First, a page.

WASHINGTON -- The Rebuild America Coalition is drafing several infrastructure finance proposals it plans to submit to Congress early next year, Atlanta Mayor Maynard Jackson told Congress yesterday.

Although Mayor Jackson did not outline the specific proposals, other members of the infrastructure group have said the plans are expected to include several measures designed to ease some of the tax-exempt bond curbs imposed by the Tax Reform Act of 1986.

The infrastructure financing proposals "are undergoing final drafting and will be presented to Congress by the Rebuild America Coalition in 1992," Mayor Jackson said at a hearing of the House Government Operations Committee's legislation panel.

"The issue is no longer whether we should invest in infrastructure, but how we should pay for it," said Mayor Jackson, who is the chairman of the coalition. The group includes state and local government organizations, building industry groups, and the Public Securities Association.

"We will urge Congress to adopt strong incentives for private-sector investment in infrastructure and housing," said Mayor Jackson, who also was representing the U.S. Conference of Mayors.

The financing proposals being considered by the coalition, according to the PSA, include:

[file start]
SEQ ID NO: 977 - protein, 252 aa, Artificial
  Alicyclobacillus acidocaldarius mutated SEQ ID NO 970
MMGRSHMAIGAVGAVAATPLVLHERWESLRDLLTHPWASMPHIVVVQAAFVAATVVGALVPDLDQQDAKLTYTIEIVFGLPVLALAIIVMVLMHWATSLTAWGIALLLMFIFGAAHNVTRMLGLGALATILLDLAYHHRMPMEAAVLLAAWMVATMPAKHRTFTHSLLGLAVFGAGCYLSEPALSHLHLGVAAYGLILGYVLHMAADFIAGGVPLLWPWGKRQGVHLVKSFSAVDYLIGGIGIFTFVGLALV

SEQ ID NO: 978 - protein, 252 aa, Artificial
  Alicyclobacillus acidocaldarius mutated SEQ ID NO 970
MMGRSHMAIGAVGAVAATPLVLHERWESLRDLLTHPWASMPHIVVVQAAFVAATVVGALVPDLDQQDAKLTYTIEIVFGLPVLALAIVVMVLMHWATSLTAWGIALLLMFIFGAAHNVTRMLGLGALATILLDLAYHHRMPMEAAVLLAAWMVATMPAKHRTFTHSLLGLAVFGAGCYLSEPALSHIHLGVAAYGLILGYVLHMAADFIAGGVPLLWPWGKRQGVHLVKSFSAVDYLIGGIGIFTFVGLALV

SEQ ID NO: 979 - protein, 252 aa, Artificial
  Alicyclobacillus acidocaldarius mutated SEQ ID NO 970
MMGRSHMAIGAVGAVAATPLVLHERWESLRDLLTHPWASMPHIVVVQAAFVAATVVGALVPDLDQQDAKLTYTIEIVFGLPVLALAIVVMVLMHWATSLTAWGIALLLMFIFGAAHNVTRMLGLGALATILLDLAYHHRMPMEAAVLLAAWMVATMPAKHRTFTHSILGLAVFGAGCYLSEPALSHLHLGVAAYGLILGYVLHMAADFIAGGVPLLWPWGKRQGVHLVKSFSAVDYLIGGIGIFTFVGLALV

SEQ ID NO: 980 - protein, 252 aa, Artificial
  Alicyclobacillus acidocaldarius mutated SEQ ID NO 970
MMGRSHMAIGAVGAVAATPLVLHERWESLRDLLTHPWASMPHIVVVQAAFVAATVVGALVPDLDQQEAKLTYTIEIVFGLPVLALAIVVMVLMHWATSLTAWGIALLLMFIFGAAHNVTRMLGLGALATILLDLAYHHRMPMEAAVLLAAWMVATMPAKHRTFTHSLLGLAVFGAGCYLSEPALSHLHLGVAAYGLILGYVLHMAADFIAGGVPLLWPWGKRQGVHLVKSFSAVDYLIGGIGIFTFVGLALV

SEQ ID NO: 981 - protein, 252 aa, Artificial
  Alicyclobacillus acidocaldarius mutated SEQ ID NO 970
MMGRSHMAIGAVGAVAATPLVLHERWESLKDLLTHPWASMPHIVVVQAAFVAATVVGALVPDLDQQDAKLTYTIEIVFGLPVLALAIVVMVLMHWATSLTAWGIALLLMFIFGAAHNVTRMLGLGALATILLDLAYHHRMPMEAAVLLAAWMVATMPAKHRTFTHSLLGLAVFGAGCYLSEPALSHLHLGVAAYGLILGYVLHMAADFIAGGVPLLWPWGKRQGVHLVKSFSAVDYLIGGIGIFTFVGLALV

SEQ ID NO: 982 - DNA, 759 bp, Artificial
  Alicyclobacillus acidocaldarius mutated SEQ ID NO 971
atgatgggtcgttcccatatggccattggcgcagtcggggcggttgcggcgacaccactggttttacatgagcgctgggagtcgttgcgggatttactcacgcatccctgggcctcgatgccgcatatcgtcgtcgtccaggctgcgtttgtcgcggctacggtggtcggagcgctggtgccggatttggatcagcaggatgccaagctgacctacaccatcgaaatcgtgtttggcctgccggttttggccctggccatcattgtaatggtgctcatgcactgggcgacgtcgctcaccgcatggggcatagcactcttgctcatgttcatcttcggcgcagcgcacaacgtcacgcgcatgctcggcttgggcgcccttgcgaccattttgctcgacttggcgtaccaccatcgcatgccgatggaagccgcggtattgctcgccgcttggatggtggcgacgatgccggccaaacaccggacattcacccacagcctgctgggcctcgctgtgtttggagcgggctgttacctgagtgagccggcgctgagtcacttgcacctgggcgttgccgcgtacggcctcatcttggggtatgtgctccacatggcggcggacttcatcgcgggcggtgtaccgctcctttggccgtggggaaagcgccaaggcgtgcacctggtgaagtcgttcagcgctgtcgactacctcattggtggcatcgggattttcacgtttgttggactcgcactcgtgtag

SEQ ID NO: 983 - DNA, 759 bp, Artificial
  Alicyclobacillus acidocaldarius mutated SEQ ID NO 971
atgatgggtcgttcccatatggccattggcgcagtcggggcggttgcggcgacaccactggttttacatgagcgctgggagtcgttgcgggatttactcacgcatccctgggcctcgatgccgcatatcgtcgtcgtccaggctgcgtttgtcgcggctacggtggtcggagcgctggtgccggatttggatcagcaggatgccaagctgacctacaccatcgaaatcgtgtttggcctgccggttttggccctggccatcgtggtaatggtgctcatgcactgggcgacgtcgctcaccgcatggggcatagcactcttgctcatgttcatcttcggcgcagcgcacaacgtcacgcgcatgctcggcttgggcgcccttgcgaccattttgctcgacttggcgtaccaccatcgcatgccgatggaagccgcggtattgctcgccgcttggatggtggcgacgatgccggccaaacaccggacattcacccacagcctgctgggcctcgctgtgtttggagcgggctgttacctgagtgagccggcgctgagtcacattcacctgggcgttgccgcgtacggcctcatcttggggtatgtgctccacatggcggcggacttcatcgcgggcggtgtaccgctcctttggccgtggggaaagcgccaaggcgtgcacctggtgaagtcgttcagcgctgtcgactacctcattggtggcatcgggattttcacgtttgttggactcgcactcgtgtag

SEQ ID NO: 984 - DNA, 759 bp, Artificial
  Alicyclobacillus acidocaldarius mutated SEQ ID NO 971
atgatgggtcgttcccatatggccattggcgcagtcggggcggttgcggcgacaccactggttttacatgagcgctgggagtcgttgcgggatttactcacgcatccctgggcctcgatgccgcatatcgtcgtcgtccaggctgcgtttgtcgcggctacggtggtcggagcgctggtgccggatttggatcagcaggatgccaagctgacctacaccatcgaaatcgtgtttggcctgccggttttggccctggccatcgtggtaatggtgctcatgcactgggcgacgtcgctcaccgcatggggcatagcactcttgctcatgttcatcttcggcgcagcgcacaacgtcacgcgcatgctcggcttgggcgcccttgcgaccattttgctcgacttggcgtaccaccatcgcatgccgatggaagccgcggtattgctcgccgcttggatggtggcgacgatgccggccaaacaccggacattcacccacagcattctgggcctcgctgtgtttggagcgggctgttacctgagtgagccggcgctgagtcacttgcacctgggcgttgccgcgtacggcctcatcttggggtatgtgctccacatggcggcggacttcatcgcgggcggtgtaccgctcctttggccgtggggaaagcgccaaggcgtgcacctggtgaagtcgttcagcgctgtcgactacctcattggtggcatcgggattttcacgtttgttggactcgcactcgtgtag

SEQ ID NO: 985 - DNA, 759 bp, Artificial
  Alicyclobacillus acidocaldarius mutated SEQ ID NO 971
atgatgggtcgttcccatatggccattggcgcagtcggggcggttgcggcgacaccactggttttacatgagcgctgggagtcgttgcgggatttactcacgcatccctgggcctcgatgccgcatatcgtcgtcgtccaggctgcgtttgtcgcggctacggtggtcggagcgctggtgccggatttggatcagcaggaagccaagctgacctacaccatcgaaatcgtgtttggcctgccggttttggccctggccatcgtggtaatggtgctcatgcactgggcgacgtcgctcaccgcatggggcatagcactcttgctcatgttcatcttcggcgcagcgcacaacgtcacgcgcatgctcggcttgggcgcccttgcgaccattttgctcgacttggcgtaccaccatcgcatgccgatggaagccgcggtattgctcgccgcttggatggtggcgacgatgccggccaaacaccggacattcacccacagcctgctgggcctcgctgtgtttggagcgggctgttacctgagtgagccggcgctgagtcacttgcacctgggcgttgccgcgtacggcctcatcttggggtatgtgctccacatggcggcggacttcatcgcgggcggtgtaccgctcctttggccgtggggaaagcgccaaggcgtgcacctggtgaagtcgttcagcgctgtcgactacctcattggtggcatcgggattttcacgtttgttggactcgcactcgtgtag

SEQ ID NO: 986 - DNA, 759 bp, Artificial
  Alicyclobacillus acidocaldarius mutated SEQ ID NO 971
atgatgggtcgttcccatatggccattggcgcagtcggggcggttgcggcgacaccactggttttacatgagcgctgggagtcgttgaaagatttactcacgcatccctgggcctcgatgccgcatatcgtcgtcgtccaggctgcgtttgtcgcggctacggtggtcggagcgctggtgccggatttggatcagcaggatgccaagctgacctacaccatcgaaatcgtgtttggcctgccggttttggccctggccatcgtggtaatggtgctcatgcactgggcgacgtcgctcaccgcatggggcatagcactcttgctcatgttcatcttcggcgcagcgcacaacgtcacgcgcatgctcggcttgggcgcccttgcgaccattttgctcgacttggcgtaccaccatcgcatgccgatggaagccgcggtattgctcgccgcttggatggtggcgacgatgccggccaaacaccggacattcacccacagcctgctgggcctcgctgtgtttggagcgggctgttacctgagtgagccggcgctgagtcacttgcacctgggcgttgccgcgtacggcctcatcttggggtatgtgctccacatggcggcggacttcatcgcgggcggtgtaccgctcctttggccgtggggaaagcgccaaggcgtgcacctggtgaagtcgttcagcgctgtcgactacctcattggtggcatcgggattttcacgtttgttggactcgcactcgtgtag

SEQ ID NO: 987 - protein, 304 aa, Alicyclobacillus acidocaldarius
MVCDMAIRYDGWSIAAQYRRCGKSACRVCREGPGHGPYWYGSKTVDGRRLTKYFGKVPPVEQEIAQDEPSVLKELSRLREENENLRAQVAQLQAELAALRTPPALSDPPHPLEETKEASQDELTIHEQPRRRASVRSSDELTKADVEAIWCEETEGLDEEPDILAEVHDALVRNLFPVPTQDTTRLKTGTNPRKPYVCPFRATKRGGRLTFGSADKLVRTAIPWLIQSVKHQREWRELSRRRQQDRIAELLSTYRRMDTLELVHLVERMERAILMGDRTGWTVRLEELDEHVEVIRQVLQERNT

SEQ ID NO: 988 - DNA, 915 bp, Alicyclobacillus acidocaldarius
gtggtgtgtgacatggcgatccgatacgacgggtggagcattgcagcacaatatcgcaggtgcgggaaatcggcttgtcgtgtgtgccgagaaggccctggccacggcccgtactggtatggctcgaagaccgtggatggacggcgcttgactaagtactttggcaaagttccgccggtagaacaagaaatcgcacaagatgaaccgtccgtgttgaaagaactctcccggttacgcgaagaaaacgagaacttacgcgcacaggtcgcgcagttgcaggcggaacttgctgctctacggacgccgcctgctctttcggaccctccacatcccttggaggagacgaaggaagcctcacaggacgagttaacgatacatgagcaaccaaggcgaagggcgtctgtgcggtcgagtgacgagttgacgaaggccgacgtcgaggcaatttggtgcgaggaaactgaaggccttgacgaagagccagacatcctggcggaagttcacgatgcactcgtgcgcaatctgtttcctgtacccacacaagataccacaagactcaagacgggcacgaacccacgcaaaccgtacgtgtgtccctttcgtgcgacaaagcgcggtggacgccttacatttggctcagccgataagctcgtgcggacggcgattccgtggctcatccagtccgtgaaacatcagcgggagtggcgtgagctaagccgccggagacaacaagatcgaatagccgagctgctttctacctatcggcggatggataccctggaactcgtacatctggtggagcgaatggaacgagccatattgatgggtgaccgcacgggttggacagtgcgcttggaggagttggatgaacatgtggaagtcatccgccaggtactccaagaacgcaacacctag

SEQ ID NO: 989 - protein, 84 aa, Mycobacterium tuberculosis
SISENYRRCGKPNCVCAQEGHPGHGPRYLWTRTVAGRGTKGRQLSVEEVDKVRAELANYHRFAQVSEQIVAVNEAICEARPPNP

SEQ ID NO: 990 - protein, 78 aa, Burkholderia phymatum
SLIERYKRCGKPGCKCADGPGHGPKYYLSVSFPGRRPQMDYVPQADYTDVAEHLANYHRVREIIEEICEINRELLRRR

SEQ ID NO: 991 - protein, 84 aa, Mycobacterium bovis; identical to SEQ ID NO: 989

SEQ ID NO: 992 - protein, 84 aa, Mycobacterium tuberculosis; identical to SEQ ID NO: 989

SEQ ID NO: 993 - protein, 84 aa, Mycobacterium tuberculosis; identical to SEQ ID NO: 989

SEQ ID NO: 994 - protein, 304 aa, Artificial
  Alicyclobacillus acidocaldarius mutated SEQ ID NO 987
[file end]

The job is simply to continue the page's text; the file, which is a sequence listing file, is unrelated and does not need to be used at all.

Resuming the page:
* Easing curbs on theuse of tax-exempt bonds to finance projects that benefit private industry;

* Increasing the limit of bank-qualified bonds to between $20 million and $25 million from the current $10 million annual limit;

* Easing arbitrage restrictions;

* Increasing the funding and uses of federally capitalized state revolving loan funds;

* Creating a federal infrastructure bond bank.

"There is a fundamental link between America's economic competitivnes and its infrastructure investment," Mayor Jackson told the panel. The panel was holding the hearing to consider proposals to change last year's budget agreement to consolidate all discretionary federal spending in order to allow funds to be transferred from defense to domestic or international categories.

"I fully support any amendment to the budgetary system that allows transfer of discretionary spending which enables Congress to fund this great opportunity. The 'fire wall' which prevents a transfer of military savings into needed domestic discretinary spending must be removed." he said.

"We must not solely swap defense spending for tax cuts," Mayor Jackson cautioned. "These defense savings also must be reinvested in America to ensure the growth of America's economy and America's people. Investing in infrastructure is a win-win proposition for our great nation."

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